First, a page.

OBJECTIVE—Gestational diabetes mellitus (GDM) is an increasingly prevalent risk factor for the development of type 2 diabetes in the mother and is responsible for morbidity in the child. To better identify women at risk of developing GDM we examined sociodemographic correlates and changes in the prevalence of GDM among all births between 1995 and 2005 in Australia's largest state.
RESEARCH DESIGN AND METHODS—A computerized database of all births (n = 956,738) between 1995 and 2005 in New South Wales, Australia, was used in a multivariate logistic regression that examined the association between sociodemographic characteristics and the occurrence of GDM.
RESULTS—Between 1995 and 2005, the prevalence of GDM increased by 45%, from 3.0 to 4.4%. Women born in South Asia had the highest adjusted odds ratio (OR) of any region (4.33 [95% CI 4.12–4.55]) relative to women born in Australia. Women living in the three lowest socioeconomic quartiles had higher adjusted ORs for GDM relative to women in the highest quartile (1.54 [1.50–1.59], 1.74 [1.69–1.8], and 1.65 [1.60–1.70] for decreasing socioeconomic status quartiles). Increasing age was strongly associated with GDM, with women aged >40 years having an adjusted OR of 6.13 (95% CI 5.79–6.49) relative to women in their early 20s. Parity was associated with a small reduced risk. There was no association between smoking and GDM.
CONCLUSIONS—Maternal age, socioeconomic position, and ethnicity are important correlates of GDM. Future culturally specific interventions should target prevention of GDM in these high-risk groups.
Type 2 diabetes affects an estimated 246 million individuals worldwide—a figure that is predicted to increase to 380 million by 2025, with a disproportionate number of affected individuals living in lower- and middle-income countries of the Asia-Pacific region (1). Diabetes is a major cardiovascular risk factor, more than doubling the risk of having a stroke or heart attack. Moreover, diabetes appears to be particularly hazardous in women, as there is a 50% greater risk of dying from coronary heart disease compared with that of men with the same condition (2).
Gestational diabetes mellitus (GDM), defined as glucose intolerance first detected during pregnancy, is a strong predictor of type 2 diabetes. Women with GDM are up to six times more likely to develop type 2 diabetes than women with normal glucose tolerance in pregnancy (3). The incidence of GDM varies among populations, similar to the variation of type 2 diabetes, with recent prevalence estimates ranging from 2.8% of pregnant women in Washington, DC, to 18.9% in India and 22% in Sardinia, Italy (4). The risk for GDM increases with age, and incidence rates vary by ethnicity within a population, again similar to the risk for type 2 diabetes (4,5). There is also evidence that obesity, parity, smoking, and family history are risk factors for GDM (5). However, less is known regarding the sociodemographic distribution of GDM. Given the strong link between GDM and the subsequent risk of diabetes for the mother and the perinatal morbidity for mother and child—an association recently updated with findings of a continuous association of maternal glucose levels and adverse perinatal outcomes by the Hyperglycemia and Adverse Pregnancy Outcomes Study Cooperative Research Group (6)—a better understanding of the sociodemographic determinants of GDM may provide novel opportunities to reduce the incidence and to prevent the onset of type 2 diabetes in later life.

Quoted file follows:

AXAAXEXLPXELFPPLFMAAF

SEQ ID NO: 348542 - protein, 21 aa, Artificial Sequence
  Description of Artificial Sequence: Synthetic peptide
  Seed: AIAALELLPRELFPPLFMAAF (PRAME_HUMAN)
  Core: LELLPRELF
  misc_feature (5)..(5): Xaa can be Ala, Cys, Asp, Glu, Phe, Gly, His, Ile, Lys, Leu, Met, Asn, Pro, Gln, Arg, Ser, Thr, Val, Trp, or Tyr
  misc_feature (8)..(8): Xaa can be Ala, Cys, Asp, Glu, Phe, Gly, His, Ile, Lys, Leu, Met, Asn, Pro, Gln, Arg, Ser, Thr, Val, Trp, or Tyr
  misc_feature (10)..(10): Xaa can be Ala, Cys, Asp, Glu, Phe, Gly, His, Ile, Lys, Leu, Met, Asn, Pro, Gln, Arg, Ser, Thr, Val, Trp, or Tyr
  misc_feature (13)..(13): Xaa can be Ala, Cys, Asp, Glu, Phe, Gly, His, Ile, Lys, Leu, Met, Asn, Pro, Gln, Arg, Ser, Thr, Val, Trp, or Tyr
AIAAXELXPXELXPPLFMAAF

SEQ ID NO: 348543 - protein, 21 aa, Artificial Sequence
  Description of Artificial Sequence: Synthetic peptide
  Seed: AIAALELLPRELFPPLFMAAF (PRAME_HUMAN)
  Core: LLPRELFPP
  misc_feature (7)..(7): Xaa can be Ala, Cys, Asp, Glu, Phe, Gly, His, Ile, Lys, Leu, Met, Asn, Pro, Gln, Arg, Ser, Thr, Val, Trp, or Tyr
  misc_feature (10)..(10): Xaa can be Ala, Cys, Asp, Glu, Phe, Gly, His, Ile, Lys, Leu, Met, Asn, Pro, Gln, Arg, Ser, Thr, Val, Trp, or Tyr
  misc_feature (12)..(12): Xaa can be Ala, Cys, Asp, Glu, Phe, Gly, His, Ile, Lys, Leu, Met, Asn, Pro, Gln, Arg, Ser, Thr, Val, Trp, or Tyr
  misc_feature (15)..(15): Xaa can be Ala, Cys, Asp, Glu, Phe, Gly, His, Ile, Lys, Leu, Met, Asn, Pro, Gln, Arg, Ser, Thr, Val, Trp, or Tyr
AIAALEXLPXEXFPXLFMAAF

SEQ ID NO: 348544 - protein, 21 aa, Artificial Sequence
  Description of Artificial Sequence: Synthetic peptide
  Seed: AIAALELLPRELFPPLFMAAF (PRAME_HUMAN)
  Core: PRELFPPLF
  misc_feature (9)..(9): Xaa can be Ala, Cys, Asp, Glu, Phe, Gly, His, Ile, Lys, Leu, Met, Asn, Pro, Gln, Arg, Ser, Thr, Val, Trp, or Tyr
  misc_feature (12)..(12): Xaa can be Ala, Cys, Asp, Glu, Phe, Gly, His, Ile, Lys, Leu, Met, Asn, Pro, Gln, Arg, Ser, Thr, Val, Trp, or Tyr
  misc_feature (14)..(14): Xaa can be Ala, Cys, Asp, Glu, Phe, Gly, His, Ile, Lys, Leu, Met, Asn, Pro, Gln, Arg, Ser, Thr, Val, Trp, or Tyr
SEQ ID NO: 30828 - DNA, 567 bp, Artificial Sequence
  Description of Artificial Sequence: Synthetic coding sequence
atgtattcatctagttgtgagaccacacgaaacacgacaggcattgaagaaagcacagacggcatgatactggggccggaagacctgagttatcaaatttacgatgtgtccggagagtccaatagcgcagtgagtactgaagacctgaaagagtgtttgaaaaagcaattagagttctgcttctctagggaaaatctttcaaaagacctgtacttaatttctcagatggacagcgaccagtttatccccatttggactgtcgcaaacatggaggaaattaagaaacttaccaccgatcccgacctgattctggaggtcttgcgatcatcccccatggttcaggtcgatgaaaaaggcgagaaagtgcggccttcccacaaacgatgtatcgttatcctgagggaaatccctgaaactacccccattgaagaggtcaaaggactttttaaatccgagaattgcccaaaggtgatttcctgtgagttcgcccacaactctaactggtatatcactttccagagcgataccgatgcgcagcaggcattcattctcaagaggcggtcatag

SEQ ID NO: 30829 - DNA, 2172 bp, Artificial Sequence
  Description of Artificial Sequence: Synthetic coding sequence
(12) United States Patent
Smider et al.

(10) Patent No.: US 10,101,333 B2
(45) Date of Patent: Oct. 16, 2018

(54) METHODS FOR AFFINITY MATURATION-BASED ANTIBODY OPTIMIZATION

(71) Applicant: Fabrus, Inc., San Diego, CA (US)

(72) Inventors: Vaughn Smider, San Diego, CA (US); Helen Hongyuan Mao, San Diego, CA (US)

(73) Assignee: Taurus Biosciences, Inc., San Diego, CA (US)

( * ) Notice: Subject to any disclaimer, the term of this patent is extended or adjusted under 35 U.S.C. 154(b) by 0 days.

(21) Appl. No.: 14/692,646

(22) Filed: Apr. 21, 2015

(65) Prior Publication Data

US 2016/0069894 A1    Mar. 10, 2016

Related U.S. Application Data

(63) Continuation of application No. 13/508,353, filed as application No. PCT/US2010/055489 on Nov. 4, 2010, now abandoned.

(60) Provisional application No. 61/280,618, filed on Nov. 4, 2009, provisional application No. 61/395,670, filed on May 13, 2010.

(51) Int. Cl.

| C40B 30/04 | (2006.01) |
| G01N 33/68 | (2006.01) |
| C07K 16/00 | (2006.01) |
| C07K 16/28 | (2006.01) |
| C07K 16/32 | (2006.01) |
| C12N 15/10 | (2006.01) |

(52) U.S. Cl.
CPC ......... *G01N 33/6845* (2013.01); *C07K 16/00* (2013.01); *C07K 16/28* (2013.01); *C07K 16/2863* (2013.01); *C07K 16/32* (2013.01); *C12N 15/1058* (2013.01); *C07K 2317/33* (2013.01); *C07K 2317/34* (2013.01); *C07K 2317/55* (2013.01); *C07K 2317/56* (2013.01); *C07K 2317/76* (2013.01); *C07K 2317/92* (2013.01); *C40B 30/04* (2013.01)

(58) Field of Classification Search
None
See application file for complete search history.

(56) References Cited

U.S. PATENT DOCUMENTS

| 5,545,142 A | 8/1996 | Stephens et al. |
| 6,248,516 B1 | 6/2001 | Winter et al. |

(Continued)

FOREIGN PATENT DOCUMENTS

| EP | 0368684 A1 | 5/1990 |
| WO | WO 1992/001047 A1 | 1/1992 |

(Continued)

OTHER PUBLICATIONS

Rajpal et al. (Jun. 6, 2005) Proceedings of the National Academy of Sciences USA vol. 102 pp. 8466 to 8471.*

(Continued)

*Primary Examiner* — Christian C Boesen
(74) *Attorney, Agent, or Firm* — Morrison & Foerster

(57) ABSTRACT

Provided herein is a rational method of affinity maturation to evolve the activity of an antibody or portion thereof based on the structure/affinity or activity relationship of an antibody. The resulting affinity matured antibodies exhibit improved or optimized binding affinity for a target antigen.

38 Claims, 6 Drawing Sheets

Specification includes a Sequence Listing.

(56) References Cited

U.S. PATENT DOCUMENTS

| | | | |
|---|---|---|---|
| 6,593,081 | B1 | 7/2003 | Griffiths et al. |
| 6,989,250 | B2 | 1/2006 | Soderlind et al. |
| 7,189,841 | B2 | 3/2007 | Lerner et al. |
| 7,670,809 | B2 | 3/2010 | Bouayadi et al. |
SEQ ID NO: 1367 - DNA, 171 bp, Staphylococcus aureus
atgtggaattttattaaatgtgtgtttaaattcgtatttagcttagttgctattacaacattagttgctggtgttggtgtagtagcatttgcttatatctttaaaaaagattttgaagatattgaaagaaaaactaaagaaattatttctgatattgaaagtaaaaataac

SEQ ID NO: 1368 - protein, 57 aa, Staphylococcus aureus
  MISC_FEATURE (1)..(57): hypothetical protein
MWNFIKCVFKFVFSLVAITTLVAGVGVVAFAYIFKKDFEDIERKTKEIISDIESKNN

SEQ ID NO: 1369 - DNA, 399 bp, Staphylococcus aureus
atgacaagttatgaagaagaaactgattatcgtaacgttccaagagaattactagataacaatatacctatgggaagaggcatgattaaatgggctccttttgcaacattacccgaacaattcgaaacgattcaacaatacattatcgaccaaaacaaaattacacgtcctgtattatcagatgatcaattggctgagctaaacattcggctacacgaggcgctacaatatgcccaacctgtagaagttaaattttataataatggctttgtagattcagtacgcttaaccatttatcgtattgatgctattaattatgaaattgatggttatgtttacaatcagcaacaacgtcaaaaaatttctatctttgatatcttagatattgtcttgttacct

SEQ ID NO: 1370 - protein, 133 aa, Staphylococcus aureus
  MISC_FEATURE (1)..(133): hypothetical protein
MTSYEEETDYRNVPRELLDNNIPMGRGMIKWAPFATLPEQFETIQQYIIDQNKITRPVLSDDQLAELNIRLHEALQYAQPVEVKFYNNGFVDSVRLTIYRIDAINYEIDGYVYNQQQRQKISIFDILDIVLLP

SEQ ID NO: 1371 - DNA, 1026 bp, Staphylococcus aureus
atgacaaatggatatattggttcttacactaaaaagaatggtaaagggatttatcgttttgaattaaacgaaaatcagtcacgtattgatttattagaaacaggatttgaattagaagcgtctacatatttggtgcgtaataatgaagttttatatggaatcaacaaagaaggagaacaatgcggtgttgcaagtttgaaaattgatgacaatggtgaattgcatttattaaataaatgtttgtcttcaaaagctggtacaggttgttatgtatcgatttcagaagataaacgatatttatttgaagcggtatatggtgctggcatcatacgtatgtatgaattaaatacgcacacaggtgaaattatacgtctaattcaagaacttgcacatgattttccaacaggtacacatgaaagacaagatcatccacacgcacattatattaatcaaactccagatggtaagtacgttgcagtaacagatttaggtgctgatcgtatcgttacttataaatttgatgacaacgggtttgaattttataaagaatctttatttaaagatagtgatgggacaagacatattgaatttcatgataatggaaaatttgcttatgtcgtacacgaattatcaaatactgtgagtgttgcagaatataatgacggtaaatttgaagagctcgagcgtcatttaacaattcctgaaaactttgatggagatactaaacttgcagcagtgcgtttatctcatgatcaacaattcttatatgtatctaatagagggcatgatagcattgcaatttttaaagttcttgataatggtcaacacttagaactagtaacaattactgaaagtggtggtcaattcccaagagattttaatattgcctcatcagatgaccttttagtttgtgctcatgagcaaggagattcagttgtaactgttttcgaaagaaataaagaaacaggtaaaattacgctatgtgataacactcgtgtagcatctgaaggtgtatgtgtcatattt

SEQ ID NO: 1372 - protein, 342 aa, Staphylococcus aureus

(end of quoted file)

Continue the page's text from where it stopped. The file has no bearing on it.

Most studies that have examined the etiology of GDM have been hospital based or have been based on samples of births in a particular region (4,5). There are currently no large, comprehensive population-wide urban and rural datasets that have been collected in an attempt to examine multiple risk factors for GDM over a number of years and no population-based studies outside the U.S. The New South Wales (NSW) Midwives Dataset has information on nearly 1 million births in the state of NSW during the period from 1995 to 2005 in a health system in which there is almost universal screening for GDM. This dataset was used to study the current and changing population rates of GDM and its associated sociodemographic risk factors in a large, ethnically diverse population of women.